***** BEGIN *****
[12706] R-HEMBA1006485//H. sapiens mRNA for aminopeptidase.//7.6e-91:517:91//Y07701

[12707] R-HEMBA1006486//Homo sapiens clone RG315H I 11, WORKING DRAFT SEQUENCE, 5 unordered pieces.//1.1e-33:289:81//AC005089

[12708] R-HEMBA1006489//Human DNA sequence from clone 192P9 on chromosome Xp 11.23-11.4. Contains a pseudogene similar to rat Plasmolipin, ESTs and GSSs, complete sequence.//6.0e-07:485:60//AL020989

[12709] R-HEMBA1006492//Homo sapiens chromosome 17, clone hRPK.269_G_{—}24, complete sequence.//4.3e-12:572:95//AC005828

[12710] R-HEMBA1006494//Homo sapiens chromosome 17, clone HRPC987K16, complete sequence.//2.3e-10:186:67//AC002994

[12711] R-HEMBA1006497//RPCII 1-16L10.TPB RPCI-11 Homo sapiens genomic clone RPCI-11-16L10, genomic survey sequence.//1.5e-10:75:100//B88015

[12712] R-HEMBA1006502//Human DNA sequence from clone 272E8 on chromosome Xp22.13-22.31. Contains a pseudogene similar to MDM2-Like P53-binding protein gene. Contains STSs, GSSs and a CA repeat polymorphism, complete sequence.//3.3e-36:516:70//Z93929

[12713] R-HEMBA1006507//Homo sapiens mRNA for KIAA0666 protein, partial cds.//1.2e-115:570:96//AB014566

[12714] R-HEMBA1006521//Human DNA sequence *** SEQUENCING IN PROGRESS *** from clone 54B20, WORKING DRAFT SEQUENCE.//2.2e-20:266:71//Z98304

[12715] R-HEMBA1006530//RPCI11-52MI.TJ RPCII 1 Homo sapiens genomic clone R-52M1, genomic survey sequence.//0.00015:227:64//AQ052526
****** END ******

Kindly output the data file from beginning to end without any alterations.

[12706] R-HEMBA1006485//H. sapiens mRNA for aminopeptidase.//7.6e-91:517:91//Y07701

[12707] R-HEMBA1006486//Homo sapiens clone RG315H I 11, WORKING DRAFT SEQUENCE, 5 unordered pieces.//1.1e-33:289:81//AC005089

[12708] R-HEMBA1006489//Human DNA sequence from clone 192P9 on chromosome Xp 11.23-11.4. Contains a pseudogene similar to rat Plasmolipin, ESTs and GSSs, complete sequence.//6.0e-07:485:60//AL020989

[12709] R-HEMBA1006492//Homo sapiens chromosome 17, clone hRPK.269_G_{—}24, complete sequence.//4.3e-12:572:95//AC005828

[12710] R-HEMBA1006494//Homo sapiens chromosome 17, clone HRPC987K16, complete sequence.//2.3e-10:186:67//AC002994

[12711] R-HEMBA1006497//RPCII 1-16L10.TPB RPCI-11 Homo sapiens genomic clone RPCI-11-16L10, genomic survey sequence.//1.5e-10:75:100//B88015

[12712] R-HEMBA1006502//Human DNA sequence from clone 272E8 on chromosome Xp22.13-22.31. Contains a pseudogene similar to MDM2-Like P53-binding protein gene. Contains STSs, GSSs and a CA repeat polymorphism, complete sequence.//3.3e-36:516:70//Z93929

[12713] R-HEMBA1006507//Homo sapiens mRNA for KIAA0666 protein, partial cds.//1.2e-115:570:96//AB014566

[12714] R-HEMBA1006521//Human DNA sequence *** SEQUENCING IN PROGRESS *** from clone 54B20, WORKING DRAFT SEQUENCE.//2.2e-20:266:71//Z98304

[12715] R-HEMBA1006530//RPCI11-52MI.TJ RPCII 1 Homo sapiens genomic clone R-52M1, genomic survey sequence.//0.00015:227:64//AQ052526